Cost for a guide for the full day was 1500 Baht, which was well worth it!

 

 


Tour with Tong – Floating Markets, Tiger Temple, Bridge on the River Kwai

The next morning, we headed out of the city with Pook, another of Tong’s guides.   Pook is young, energetic and has a quick sense of humor.   We laughed all day!  She did a great job of keeping us informed and entertained, as well as letting us sleep on the way back.  She took lots of photos for us and made sure that the toilet stops would have a western option, in addition to the squat option.  She also made sure we had bottled water and cool towels when we needed them throughout the day.

Our first stop was at the Damnoen Saduak Floating Market. They bring lots of tourist buses here, but when you have a long tail boat to yourself (400 baht for the boat) and have a guide that can made suggestions on items you absolutely must try, it really is a unique experience.  We sampled fried bananas rolled in coconut, Thai noodle soup (excellent – I would do the spicy version Pook had if I did it again), and iced Thai coffee (good, but strong). I’m still amazed that our noodles were cooked over a gas fire in a wooden boat! As we made our way through the market, there were lots of souvenir stops available.  If there was something you really wanted and didn’t get the price you had in mind, you could just move down a few stalls --- likely you’d see the same item again.  We also took the boat outside of the market into some of the areas where the people live and work.   It was quite interesting to see.  I think what struck me most was how peaceful it all was!   It felt like we got stuck in a  traffic jam on the way back to our pier – 4-5 boats across in each direction didn’t leave a lot of room to navigate!  But all of the drivers are used to this, and we worked our way out of the congestion.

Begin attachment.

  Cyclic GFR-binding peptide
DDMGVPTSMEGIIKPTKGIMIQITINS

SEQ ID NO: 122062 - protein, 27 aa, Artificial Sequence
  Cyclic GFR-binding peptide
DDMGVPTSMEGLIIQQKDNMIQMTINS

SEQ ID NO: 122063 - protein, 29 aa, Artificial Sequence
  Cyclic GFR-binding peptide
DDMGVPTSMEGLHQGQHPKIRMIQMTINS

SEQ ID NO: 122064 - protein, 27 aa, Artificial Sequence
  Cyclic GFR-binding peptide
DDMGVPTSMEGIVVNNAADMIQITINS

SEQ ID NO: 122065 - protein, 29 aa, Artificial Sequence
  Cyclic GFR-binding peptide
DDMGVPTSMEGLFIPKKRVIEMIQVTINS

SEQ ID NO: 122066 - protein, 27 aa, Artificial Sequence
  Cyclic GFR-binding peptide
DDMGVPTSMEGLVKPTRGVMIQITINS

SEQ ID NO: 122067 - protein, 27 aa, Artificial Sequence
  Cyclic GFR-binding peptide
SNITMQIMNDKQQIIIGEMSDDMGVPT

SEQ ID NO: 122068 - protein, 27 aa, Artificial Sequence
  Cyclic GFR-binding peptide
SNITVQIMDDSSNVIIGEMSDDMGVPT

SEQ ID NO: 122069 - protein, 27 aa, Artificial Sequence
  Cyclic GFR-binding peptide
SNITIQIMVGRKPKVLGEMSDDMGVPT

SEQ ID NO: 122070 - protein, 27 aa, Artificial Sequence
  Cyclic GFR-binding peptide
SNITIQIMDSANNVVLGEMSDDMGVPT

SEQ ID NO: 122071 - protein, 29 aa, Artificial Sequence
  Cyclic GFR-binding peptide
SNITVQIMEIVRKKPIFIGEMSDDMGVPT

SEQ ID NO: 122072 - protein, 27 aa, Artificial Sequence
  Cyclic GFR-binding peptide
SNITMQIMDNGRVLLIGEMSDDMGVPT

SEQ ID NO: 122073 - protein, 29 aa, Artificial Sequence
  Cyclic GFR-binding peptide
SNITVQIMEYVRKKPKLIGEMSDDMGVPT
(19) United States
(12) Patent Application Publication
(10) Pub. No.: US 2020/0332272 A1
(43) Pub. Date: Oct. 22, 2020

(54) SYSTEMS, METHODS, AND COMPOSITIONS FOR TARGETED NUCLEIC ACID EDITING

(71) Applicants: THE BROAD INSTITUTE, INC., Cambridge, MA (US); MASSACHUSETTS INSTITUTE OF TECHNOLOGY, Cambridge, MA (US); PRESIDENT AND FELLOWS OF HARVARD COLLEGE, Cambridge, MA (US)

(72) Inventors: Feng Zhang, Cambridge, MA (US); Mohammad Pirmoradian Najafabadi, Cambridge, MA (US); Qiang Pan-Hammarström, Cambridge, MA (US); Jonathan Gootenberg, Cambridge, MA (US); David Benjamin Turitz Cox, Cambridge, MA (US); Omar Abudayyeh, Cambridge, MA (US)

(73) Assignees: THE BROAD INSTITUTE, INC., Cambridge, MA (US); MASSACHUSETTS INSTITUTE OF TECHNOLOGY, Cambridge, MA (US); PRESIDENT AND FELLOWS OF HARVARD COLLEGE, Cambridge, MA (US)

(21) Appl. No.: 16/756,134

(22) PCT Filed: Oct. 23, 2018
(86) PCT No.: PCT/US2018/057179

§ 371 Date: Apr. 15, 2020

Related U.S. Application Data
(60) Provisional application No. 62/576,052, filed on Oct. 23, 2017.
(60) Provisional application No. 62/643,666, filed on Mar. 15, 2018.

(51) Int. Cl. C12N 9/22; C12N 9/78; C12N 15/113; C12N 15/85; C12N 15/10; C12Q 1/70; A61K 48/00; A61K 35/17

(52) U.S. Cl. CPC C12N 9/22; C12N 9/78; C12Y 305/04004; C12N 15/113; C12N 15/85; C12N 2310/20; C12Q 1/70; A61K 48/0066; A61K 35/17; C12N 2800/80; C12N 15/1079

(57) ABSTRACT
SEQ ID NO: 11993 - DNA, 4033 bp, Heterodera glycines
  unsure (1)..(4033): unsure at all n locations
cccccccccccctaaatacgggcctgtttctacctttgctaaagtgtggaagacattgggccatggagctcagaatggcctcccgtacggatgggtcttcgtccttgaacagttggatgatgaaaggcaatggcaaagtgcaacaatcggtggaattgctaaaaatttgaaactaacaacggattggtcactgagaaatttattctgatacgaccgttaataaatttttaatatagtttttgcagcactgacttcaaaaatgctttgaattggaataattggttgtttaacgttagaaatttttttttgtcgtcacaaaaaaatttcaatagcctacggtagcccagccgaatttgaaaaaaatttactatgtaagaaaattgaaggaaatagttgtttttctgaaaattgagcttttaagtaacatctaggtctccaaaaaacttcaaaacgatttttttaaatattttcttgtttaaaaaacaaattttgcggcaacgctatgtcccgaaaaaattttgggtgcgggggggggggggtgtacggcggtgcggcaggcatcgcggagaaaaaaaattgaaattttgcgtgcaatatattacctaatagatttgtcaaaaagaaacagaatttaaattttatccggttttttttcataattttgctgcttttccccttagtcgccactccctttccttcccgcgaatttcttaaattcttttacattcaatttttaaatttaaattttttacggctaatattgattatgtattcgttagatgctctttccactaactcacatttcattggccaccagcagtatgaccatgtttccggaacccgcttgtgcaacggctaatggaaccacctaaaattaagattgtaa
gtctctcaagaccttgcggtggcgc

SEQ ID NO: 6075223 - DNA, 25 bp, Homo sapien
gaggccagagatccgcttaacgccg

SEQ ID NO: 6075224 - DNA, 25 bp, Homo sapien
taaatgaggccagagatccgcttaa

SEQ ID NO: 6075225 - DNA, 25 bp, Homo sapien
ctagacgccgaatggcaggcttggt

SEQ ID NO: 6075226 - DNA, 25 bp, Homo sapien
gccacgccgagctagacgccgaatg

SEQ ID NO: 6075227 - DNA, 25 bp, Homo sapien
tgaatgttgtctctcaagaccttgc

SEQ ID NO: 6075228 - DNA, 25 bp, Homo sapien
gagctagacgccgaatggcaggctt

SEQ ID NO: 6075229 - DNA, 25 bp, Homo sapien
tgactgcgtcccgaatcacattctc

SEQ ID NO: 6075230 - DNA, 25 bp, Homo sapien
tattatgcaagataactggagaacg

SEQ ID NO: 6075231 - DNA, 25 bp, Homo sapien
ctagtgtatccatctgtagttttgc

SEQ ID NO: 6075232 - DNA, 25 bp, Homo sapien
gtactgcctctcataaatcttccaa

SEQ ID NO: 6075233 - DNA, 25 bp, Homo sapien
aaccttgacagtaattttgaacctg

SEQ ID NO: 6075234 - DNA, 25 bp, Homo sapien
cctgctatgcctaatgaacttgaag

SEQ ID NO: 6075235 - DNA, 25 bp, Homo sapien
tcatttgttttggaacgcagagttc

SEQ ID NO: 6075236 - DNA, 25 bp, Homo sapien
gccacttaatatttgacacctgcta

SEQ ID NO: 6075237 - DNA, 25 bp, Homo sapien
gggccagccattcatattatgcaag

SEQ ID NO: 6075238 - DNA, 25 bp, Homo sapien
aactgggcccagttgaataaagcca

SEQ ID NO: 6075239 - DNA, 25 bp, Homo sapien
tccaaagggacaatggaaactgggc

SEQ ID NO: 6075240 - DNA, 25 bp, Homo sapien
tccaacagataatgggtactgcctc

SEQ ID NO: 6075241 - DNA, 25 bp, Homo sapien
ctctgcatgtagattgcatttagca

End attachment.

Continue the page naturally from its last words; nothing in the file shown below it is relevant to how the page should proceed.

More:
Our next stop was Kanchanaburi.  There is a very unique temple there called Wat Pa Luangta Bua Yannasampanno. It has gained a reputation as a wildlife sanctuary.  The local monks have been adopting animals from the villages for many years. In the late 90s, several tiger cubs were brought to the temple. Over the years, the tiger population at the temple has grown to 40+ – as a result, it is now known as the Tiger Temple. You see very little of the temple itself, but have the opportunity to interact with the amazing tigers.   The animal interaction is SO worth it! We arrived around noon and had some time with the tigers under the trees before they went down to the canyon (which was much cooler than the canyon). Being able to be that close to and touch full-grown tigers was one of those once in a lifetime experiences. And there are so many you get to interact with!  Additionally, they had a group of 10 week old cubs. Pook was great in helping us make arrangements to play with the cubs, as well as get us to the right place to take photos with the various tigers once they were ready. You hand your camera to the staff and they take your photos with the tigers.  I was a little leary at first handing over my digital SLR, but it became apparent VERY quickly that the staff is used to pretty much any kind of camera, and does a really nice job!  We went ahead and gave them the big camera for all the photos they took for us. We spent about 45 minutes playing with and bottle feeding the cubs.  There were a total of 6 of us in with the 4 cubs during our timeslot. It was so much like playing with a puppy that it was easy to forget these are real tiger cubs! Watching them stalk one another (or us) was lots of fun. Note -- I decided that a long skirt would be the coolest option for the day, and it was; however, it turns out the movement of my long skirt was a distraction for many of the younger tigers. We paid 500 baht / person for entrance and 1000 baht / person to play with the cubs.  The cub experience was the same price as the “special photo” – it was so worth it that we’d probably both do it again without thinking twice.  Given that we’d gotten to take so many other photos with the big tigers, we didn’t do the special photo where they put the tiger’s head in your lap.